The behaviors associated with personality are deeply rooted. They are connected to an internal belief system that reaches back to early childhood. Their connection with deeply rooted beliefs makes such behaviors difficult, if not impossible, to change. Other behaviors aren’t as deeply rooted. They’re more like habits. Not necessarily easy to change, but possible. In either case, if you knew, before hiring a person, that they possessed certain personality qualities that were at odds with your goal to create a high performance team, would you hire that person?
If you hire someone who exhibits personality traits that are at odds with the kind of traits characteristic of a high performance team member, you will most certainly end up firing that person someday. Or, you’ll spend a tremendous amount of time counseling and couching that person attempting to change those behaviors, i.e., attempting to close the gap between what they are and what you need them to be. Is that the best use of your time? If you answered yes, you might have chosen the wrong career.
Track record of being…
In my experience, high performers consistently possess certain qualities, including:
They are people that need little if any coaxing to take action. They see what needs to be done and they do it.
They are the risk takers not the risk averse. This behavior spills over into their personal lives. They engage in “high risk” activities like mountain biking, rock climbing, skydiving, and the like.
Unhappy with the status quo/Change drivers
They are always looking to improve the way things are done and they are always looking to improve themselves. Beyond looking, they are effective at affecting change. They have track records of introducing new processes or changing ones that don’t work. They are avid readers, have mentors, and take training classes.
They are always seeking more responsibility and opportunities for growth. They won’t be held back. They are race horses not mules.
When the going gets tough, they rise up and lead the way. They’re the ones that people follow regardless of their formal position within the corporate hierarchy.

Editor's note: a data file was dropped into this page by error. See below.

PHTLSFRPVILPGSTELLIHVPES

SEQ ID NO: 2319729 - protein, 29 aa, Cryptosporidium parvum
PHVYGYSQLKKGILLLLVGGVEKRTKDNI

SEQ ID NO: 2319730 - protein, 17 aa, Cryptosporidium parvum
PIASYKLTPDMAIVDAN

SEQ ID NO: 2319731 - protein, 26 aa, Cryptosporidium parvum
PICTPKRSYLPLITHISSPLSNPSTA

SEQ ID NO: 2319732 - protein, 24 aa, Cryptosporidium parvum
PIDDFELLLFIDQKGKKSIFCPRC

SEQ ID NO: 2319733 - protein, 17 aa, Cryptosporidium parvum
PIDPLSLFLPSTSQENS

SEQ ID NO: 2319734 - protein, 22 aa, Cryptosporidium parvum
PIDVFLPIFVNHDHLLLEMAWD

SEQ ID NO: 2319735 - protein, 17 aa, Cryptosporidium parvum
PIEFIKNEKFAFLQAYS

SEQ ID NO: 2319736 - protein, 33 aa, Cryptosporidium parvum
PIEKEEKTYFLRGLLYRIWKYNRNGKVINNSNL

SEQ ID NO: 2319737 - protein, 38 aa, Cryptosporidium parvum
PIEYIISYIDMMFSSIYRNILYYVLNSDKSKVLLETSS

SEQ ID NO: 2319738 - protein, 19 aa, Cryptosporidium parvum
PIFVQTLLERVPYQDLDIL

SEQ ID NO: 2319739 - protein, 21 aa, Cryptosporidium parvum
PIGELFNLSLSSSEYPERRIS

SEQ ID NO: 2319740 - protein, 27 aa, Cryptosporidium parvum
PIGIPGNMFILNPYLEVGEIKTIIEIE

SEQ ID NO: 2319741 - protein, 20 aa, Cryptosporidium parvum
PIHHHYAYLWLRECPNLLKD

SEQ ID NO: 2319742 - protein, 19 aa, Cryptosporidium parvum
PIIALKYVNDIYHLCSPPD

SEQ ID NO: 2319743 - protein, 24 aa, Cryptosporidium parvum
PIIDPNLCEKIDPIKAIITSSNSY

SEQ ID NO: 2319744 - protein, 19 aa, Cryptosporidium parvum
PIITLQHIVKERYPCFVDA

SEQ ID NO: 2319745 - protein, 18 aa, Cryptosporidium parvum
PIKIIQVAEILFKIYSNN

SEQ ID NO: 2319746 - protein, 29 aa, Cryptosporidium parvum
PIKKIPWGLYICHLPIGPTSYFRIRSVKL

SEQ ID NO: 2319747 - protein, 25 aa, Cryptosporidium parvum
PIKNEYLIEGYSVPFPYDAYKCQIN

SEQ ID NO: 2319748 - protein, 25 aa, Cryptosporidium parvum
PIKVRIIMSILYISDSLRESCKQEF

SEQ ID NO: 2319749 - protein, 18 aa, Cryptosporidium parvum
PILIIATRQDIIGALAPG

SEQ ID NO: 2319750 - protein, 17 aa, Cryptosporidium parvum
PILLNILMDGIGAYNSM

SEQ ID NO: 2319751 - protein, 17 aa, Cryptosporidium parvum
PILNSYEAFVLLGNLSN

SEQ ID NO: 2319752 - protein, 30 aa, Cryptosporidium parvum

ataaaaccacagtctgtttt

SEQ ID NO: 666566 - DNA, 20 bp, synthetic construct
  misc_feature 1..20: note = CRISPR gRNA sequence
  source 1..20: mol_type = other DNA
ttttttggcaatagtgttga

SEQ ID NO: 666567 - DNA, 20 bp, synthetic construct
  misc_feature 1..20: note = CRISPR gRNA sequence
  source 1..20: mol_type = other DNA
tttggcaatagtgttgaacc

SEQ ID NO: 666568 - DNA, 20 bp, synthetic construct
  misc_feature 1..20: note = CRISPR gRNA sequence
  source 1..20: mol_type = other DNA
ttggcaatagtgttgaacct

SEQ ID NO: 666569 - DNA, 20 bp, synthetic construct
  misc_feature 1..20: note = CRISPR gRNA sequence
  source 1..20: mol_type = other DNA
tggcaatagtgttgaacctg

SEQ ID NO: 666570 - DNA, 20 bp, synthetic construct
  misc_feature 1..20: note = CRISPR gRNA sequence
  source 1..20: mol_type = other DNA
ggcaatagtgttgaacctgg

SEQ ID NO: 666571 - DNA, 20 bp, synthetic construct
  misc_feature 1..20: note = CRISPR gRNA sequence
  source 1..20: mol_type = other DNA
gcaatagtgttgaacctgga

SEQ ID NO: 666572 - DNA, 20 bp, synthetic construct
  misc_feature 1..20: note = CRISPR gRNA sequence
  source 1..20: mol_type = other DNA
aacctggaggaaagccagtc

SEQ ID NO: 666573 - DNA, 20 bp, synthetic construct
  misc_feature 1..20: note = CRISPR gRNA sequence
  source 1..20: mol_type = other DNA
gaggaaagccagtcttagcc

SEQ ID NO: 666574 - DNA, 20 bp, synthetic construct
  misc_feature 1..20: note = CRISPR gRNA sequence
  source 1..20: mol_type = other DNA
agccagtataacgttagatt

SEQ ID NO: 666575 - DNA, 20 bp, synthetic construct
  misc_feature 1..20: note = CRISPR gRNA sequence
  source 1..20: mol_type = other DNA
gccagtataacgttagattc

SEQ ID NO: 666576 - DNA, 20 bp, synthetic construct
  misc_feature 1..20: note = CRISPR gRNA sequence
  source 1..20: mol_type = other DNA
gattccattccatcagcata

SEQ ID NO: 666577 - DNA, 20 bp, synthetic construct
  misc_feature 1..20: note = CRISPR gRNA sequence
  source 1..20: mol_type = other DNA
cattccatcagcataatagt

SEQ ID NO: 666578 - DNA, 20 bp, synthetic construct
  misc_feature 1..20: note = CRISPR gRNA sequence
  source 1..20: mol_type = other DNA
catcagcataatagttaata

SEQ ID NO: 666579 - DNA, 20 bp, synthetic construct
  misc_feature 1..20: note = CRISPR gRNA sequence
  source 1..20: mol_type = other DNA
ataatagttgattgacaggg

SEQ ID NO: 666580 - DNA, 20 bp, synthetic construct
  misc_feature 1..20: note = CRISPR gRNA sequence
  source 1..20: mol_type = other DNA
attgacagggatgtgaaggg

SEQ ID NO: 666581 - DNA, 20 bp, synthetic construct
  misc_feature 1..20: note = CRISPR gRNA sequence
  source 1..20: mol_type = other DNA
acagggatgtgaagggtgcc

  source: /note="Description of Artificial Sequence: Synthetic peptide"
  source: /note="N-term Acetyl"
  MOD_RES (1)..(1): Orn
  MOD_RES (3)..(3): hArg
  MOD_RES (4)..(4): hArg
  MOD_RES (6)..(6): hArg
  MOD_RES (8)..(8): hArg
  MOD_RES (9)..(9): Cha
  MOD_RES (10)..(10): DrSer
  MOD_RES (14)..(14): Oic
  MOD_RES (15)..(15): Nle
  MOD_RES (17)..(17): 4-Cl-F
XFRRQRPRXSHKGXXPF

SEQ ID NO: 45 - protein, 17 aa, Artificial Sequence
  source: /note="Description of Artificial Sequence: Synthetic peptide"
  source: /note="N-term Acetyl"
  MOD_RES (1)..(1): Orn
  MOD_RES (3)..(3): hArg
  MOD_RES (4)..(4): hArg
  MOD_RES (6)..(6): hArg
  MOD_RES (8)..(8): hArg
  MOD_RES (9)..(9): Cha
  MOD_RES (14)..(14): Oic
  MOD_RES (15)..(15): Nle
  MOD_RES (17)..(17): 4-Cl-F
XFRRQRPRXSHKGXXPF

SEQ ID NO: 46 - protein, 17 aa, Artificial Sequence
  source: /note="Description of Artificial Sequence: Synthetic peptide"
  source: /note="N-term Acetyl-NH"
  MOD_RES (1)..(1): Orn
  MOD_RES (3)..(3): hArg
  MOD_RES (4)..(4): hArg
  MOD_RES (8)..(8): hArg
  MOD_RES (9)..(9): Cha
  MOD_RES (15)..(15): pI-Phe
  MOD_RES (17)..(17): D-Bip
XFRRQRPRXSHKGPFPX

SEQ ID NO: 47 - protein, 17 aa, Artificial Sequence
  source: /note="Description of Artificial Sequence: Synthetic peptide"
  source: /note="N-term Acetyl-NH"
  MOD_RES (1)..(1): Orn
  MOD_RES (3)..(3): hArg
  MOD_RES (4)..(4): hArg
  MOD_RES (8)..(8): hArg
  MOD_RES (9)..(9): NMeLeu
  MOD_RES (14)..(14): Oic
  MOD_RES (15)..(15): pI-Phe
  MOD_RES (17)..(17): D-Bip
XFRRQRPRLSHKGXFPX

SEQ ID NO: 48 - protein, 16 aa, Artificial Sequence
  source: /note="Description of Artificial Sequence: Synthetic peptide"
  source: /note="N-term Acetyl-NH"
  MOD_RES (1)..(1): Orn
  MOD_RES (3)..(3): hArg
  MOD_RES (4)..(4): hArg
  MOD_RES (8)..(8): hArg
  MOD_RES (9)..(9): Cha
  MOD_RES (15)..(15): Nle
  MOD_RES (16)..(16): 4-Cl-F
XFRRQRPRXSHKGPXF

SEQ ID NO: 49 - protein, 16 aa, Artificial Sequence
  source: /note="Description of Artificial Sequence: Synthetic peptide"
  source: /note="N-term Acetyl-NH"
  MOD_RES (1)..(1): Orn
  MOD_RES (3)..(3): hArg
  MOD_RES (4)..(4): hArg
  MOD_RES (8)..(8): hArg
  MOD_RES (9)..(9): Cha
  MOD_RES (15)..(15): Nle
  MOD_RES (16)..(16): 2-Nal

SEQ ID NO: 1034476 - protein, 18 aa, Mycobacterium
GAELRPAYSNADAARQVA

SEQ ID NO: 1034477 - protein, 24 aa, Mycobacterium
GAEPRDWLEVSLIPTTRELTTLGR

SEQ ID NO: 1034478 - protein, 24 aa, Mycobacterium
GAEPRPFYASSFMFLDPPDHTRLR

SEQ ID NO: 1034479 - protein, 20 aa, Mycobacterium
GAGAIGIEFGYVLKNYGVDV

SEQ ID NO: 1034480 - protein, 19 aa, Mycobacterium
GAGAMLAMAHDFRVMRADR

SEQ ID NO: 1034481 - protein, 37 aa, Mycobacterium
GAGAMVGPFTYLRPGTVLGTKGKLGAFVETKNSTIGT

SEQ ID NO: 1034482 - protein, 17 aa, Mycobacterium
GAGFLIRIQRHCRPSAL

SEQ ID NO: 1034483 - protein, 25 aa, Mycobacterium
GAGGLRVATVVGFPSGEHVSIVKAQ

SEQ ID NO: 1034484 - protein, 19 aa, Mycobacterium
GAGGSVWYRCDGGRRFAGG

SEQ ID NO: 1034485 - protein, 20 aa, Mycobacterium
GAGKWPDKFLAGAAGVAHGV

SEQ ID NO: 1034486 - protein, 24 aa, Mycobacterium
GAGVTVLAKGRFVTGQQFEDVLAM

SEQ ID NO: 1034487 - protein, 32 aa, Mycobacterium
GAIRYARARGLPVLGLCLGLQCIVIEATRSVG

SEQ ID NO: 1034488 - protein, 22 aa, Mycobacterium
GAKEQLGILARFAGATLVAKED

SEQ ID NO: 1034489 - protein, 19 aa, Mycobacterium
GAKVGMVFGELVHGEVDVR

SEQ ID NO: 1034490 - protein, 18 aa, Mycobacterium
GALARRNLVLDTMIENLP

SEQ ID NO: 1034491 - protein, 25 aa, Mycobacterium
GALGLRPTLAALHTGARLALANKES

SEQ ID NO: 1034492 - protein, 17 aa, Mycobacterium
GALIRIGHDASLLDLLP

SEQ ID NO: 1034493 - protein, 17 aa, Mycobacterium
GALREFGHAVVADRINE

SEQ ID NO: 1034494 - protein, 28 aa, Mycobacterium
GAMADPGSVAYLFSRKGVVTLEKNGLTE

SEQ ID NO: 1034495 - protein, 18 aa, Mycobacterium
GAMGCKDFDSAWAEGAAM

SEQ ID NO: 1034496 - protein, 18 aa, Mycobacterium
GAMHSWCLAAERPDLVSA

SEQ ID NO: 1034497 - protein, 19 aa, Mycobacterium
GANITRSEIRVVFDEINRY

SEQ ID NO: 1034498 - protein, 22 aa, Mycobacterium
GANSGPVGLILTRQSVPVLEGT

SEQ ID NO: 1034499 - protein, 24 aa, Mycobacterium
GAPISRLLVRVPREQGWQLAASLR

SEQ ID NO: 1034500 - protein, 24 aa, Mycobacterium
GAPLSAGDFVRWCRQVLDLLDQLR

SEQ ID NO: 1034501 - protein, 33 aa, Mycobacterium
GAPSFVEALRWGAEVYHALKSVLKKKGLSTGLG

How do you figure out if the person whose resume you’re looking at has what you’re looking for? Look for the resume that is achievement oriented. In other words, look for the resume that identifies the successful application of knowledge, skills, and experience versus boasting about possessing certain knowledge, skills, and experience. For example, the results oriented high performer will list things like, “Designed and implemented an engineering process that improved the accuracy of project scheduling by over 90%” on their resume. On the other hand, a non-results oriented person may only list items on their resume like, “Attended project management training.”
Knowledge, skills, and experience needed for success
There are software developers that specialize in the development of standalone applications for certain professions like medical or legal. Others specialize in the development of software for banking and finance. Some develop real-time control system software. Still others have built careers developing client-server middleware used by others to build sophisticated client-server applications for a variety of professions and industries. Each has unique knowledge, skills, and experience that don’t easily, if at all, transfer from one kind of software development project to another.
Doesn’t need to be a perfect match, but gap between their skills and your needs should be narrow
It is rare to find someone who is a perfect match with the profile you create of the ideal candidate. It is useful to specify what skills and experience a candidate must possess and those that are strongly desired but that you can live without, at least on a temporary basis. If they are things that you can live without permanently, don’t put them on the list. For the temporary ones, you’ll have to figure out how long and how much effort it will take you to help that person fill those holes. If the gap between what they have and what you need is narrow then it’s probably a reasonable risk to hire that person, but a risk nonetheless. A wide gap means longer time to fill and more effort on your part. How many such projects can you afford to take on and maintain your performance as the team’s leader?
When you hire them, and assuming they accept, identify the gaps that you see. Work with them to develop a detailed plan to close those gaps. Don’t ignore them. What might be a narrow gap today could easily become a wide one if left unchecked.
Correlation between university degree and performance
I hate to admit it, because I’m a big fan of getting a university education, but I’ve found no correlation between having a university degree and one’s performance. Some of the best and brightest high performers I’ve ever worked with have had no degree or degrees in other completely unrelated fields. On second thought, perhaps there is a correlation: those that have no degree or a degree in an unrelated field are more likely to be high performance team members than those that do!
I’m not suggesting that you hire only people that have no degree or a degree in an unrelated field. What I am suggesting is that if you are prejudiced toward hiring only people with computer science degrees, drop your prejudice. You’re passing over candidates that in many cases will bring you a greater return than those with a degree.
P.S., If you’d like to learn more about the right way to develop your talent and retain your top performers visit TalentGuard’s free learning center.